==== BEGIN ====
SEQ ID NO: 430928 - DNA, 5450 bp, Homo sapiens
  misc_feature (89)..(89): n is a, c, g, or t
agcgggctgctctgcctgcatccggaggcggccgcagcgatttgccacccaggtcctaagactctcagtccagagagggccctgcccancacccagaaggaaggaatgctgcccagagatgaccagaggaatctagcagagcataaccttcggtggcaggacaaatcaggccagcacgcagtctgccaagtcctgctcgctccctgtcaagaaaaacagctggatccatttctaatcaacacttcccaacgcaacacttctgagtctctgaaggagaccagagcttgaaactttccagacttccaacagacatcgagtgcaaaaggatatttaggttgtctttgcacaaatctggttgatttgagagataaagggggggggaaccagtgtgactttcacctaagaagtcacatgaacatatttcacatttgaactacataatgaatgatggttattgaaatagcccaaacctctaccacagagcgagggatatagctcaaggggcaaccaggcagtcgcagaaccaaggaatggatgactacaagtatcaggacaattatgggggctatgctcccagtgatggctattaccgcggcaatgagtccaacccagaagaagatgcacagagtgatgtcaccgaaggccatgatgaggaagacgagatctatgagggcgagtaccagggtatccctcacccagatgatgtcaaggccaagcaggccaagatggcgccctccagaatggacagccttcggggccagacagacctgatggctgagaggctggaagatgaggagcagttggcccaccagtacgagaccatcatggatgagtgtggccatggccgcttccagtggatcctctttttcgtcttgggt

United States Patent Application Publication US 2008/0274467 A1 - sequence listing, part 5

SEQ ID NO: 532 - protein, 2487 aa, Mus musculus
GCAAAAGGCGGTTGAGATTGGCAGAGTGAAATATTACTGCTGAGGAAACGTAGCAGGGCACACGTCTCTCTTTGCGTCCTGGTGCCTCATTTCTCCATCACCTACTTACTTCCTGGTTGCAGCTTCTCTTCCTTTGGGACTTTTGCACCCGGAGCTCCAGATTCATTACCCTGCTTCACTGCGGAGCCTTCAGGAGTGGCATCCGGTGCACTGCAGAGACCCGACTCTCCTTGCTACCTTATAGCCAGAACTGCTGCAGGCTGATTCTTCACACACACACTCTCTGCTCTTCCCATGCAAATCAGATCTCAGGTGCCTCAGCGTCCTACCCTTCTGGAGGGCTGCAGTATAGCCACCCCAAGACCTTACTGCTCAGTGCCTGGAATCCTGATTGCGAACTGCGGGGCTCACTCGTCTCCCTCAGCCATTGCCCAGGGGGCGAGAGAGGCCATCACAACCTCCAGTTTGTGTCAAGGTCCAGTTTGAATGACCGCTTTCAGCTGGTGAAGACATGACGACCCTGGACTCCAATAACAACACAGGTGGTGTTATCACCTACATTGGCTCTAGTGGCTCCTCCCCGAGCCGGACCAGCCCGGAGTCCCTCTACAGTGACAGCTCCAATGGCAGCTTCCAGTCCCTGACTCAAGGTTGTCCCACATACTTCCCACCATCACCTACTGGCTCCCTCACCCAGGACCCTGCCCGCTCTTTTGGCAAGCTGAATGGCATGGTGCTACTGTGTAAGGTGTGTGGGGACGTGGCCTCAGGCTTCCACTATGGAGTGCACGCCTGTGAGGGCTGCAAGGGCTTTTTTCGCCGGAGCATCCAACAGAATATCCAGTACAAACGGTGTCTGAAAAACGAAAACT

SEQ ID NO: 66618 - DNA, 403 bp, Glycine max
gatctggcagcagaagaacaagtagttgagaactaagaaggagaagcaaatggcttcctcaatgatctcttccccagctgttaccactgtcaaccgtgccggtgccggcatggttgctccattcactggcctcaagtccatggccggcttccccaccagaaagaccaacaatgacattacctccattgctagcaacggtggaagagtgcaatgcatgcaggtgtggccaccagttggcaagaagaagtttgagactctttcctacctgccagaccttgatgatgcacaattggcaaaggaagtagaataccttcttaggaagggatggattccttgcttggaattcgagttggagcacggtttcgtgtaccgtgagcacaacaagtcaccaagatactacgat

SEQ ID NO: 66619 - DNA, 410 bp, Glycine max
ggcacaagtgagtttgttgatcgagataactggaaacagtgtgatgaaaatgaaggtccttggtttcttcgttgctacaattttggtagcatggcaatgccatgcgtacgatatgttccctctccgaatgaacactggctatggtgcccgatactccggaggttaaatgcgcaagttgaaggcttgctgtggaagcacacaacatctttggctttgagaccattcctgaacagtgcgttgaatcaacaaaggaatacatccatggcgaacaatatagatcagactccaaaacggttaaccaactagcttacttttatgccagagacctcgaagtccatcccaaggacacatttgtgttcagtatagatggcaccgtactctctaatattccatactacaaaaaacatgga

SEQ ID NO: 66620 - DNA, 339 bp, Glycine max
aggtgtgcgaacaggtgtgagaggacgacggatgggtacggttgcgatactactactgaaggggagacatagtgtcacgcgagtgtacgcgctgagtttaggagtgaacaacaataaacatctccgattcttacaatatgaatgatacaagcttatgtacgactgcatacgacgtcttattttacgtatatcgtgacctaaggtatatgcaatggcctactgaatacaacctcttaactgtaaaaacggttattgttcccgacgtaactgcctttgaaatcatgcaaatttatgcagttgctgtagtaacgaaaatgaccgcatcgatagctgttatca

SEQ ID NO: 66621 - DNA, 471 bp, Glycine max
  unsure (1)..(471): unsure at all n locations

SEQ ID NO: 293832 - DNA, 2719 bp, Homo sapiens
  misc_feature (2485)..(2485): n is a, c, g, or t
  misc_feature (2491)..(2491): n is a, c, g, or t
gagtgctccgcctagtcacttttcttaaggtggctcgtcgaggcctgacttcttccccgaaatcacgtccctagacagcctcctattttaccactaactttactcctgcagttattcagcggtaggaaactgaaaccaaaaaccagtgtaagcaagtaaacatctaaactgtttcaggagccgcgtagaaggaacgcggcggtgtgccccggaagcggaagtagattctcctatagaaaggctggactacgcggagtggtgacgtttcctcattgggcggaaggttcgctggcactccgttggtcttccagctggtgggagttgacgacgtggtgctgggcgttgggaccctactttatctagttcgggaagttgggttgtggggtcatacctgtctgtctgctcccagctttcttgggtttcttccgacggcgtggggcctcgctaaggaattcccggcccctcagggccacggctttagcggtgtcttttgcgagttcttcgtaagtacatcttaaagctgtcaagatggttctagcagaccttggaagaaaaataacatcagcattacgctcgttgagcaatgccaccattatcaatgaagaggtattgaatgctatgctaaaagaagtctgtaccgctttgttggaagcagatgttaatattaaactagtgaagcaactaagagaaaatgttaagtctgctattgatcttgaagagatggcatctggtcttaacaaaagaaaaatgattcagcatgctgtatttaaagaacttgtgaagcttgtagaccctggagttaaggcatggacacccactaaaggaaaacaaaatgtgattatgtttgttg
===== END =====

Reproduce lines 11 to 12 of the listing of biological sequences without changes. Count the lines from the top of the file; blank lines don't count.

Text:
SEQ ID NO: 66620 - DNA, 339 bp, Glycine max
aggtgtgcgaacaggtgtgagaggacgacggatgggtacggttgcgatactactactgaaggggagacatagtgtcacgcgagtgtacgcgctgagtttaggagtgaacaacaataaacatctccgattcttacaatatgaatgatacaagcttatgtacgactgcatacgacgtcttattttacgtatatcgtgacctaaggtatatgcaatggcctactgaatacaacctcttaactgtaaaaacggttattgttcccgacgtaactgcctttgaaatcatgcaaatttatgcagttgctgtagtaacgaaaatgaccgcatcgatagctgttatca